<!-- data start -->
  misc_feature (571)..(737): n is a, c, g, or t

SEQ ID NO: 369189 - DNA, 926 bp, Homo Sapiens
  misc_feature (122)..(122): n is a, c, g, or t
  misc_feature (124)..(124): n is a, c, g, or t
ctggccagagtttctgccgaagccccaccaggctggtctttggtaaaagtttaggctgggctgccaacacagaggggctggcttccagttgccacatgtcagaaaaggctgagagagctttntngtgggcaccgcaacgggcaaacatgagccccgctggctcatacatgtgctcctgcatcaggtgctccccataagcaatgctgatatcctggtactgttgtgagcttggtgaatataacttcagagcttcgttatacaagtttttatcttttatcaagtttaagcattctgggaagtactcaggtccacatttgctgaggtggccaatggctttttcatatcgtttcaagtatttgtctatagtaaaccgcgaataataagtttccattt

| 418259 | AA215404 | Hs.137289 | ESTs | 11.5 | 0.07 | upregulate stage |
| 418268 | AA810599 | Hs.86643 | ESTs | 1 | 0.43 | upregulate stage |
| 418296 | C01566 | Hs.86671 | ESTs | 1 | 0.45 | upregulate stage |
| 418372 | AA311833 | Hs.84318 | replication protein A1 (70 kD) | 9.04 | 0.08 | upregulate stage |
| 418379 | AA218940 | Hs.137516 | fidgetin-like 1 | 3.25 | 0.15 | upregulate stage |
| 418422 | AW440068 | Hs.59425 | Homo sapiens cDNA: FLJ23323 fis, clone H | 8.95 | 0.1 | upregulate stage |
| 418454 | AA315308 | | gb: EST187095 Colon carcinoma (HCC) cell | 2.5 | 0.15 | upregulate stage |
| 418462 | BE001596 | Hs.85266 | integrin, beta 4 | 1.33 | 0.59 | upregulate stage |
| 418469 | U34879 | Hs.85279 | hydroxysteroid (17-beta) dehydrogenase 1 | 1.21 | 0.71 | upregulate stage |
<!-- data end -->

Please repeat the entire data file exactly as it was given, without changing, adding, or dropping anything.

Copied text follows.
  misc_feature (571)..(737): n is a, c, g, or t

SEQ ID NO: 369189 - DNA, 926 bp, Homo Sapiens
  misc_feature (122)..(122): n is a, c, g, or t
  misc_feature (124)..(124): n is a, c, g, or t
ctggccagagtttctgccgaagccccaccaggctggtctttggtaaaagtttaggctgggctgccaacacagaggggctggcttccagttgccacatgtcagaaaaggctgagagagctttntngtgggcaccgcaacgggcaaacatgagccccgctggctcatacatgtgctcctgcatcaggtgctccccataagcaatgctgatatcctggtactgttgtgagcttggtgaatataacttcagagcttcgttatacaagtttttatcttttatcaagtttaagcattctgggaagtactcaggtccacatttgctgaggtggccaatggctttttcatatcgtttcaagtatttgtctatagtaaaccgcgaataataagtttccattt

| 418259 | AA215404 | Hs.137289 | ESTs | 11.5 | 0.07 | upregulate stage |
| 418268 | AA810599 | Hs.86643 | ESTs | 1 | 0.43 | upregulate stage |
| 418296 | C01566 | Hs.86671 | ESTs | 1 | 0.45 | upregulate stage |
| 418372 | AA311833 | Hs.84318 | replication protein A1 (70 kD) | 9.04 | 0.08 | upregulate stage |
| 418379 | AA218940 | Hs.137516 | fidgetin-like 1 | 3.25 | 0.15 | upregulate stage |
| 418422 | AW440068 | Hs.59425 | Homo sapiens cDNA: FLJ23323 fis, clone H | 8.95 | 0.1 | upregulate stage |
| 418454 | AA315308 | | gb: EST187095 Colon carcinoma (HCC) cell | 2.5 | 0.15 | upregulate stage |
| 418462 | BE001596 | Hs.85266 | integrin, beta 4 | 1.33 | 0.59 | upregulate stage |
| 418469 | U34879 | Hs.85279 | hydroxysteroid (17-beta) dehydrogenase 1 | 1.21 | 0.71 | upregulate stage |